Double Tuned Amplifier – Circuit Diagram and Operation:
The problem of potential instability with a single tuned amplifier is overcome in a double tuned amplifier which consists of inductively coupled two tuned circuits—one (L1, C1) in the collector circuit and the other (L2, C2) in the output circuit, as shown in Fig. 18.12.
A change in the coupling of the two tuned circuits results in change in the shape of the frequency response curve. By proper adjustment of the coupling between the two coils of the two tuned circuits, the required results (high selectivity, high voltage gain and required bandwidth) may be obtained.
The high frequency signal to be amplified is applied to the input terminal of the amplifier. The resonant frequency of tuned circuit connected in the collector circuit is made equal to signal frequency by varying the value of C1. Now the tuned circuit L1-C1 offers very high impedance to the signal frequency and therefore, large output is developed across it. The output from this tuned circuit (L1-C1) is transferred to the second tuned circuit (L2-C2) through mutual induction. The frequency response of a double tuned amplifier circuit depends upon the magnetic coupling of L1 and L2.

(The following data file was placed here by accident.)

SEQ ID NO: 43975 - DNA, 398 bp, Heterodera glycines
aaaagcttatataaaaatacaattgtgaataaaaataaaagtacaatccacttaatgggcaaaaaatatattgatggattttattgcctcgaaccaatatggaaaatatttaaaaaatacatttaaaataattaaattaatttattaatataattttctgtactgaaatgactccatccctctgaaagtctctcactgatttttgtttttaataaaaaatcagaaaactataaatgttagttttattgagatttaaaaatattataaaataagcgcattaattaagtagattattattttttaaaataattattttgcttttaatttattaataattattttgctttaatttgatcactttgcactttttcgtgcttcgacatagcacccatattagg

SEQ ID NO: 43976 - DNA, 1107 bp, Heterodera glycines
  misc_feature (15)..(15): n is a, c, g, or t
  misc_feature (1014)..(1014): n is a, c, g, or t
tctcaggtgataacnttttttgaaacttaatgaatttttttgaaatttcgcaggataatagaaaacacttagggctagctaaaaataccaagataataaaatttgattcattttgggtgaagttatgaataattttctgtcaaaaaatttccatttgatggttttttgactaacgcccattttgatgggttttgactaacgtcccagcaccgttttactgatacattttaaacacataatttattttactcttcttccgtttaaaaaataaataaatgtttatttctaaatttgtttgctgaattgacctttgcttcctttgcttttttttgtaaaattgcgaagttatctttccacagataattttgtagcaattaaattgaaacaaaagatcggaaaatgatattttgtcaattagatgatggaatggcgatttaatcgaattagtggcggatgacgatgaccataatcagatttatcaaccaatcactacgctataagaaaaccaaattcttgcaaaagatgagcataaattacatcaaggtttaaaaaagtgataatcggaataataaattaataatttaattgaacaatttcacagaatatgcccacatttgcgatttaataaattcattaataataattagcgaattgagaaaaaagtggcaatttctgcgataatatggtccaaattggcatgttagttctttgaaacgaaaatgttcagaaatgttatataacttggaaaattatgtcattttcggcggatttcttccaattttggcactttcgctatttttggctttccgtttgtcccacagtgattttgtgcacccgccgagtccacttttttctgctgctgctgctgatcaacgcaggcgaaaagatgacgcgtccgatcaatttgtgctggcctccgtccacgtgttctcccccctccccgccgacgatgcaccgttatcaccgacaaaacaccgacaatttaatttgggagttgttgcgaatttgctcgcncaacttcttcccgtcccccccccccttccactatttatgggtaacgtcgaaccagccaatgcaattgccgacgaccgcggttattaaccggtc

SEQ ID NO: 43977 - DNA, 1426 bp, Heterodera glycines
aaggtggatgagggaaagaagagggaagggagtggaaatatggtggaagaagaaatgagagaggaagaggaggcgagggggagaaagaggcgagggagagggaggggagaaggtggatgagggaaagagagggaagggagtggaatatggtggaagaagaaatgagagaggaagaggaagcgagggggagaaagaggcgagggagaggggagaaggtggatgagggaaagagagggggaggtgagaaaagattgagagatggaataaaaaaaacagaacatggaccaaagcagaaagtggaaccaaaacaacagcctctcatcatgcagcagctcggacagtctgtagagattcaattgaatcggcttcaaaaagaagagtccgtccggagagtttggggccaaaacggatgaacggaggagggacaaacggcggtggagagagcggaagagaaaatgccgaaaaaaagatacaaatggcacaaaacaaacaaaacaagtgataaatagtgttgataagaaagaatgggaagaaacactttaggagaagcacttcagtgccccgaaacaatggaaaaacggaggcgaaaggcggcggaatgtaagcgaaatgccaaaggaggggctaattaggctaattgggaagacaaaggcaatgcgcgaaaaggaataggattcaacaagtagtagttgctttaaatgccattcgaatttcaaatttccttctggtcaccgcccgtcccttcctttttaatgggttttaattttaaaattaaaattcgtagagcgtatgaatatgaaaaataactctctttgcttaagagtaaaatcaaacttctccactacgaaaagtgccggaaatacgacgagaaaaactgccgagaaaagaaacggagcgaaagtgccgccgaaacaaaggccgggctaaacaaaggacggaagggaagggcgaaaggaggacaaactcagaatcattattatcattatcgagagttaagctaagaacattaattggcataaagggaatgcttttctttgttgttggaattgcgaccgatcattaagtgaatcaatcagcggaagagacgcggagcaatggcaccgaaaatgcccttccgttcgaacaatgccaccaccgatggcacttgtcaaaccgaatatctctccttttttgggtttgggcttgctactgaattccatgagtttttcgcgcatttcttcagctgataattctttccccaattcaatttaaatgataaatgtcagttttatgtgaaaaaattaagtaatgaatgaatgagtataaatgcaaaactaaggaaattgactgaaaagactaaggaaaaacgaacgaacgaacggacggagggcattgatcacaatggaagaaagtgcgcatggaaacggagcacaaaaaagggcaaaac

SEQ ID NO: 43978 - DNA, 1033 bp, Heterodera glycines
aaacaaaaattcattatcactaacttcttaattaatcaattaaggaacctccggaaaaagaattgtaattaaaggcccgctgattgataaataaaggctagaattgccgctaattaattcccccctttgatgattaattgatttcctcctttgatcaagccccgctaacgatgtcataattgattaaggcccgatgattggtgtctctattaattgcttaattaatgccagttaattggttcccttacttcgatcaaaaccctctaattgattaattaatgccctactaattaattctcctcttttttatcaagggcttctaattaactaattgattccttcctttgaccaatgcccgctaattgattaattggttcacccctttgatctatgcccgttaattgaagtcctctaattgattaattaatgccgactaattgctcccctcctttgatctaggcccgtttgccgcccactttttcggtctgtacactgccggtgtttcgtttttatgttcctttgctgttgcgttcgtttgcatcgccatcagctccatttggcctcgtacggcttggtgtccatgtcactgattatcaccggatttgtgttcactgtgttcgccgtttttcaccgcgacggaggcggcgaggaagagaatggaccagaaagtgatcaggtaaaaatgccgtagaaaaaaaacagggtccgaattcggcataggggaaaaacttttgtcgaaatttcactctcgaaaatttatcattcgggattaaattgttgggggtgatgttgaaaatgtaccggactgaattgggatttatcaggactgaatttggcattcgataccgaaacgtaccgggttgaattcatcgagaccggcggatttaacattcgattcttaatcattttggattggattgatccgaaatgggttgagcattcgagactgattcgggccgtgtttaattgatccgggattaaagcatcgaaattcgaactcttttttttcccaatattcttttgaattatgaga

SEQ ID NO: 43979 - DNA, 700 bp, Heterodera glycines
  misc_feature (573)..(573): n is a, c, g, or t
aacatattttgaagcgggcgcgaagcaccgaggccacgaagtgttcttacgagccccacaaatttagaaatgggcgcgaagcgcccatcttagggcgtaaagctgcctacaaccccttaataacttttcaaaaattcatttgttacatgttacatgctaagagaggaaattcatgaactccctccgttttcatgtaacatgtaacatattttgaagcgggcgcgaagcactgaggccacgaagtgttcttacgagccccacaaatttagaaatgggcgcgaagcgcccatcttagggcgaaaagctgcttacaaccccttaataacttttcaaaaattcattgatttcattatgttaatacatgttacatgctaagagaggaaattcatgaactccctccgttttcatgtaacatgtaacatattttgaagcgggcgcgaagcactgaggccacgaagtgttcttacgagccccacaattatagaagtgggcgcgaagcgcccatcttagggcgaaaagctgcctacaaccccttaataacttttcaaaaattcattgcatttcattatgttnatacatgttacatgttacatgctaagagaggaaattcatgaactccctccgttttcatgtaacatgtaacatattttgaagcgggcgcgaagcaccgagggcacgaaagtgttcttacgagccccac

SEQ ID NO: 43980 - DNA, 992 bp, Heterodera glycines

Frequency Response Curve:
The frequency response curves of a double tuned amplifier for different coefficients of coupling are shown in Fig. 18.13. Because of coupling of coils L1 and L2, a portion of load resistance is coupled into the tank circuit L1-C1 and affects it in exactly the same manner as though a resistor had been inserted in series with the coil L1.
When the coils L1 and L2 are spaced apart, flux created by coil L1 will not link the secondary coil, and these coils will be said to be loosely coupled and under such conditions the resistance reflected from the load (or tuned circuit L2-C2) will be small. Thus the resonance curve will be sharp with high value of Q, as shown in Fig. 18.13. When the two coils L1 and L2 are placed very close together, they are said to be tightly coupled. Under such conditions, the reflected resistance will be larger and consequently Q will be smaller.
From Fig. 18.13 it is obvious that bandwidth increases with the increase in degree of coupling. Naturally, the determining factor in a double tuned amplifier circuit is the coupling, not the Q factor. For a given frequency, the tighter the coupling, the greater is the bandwidth.
It is to be noted that the most suitable response curve is when optimum coefficient of coupling exists between the two tuned circuits. The circuit is then highly selective and also provides sufficient amount of gain for a particular band of frequencies.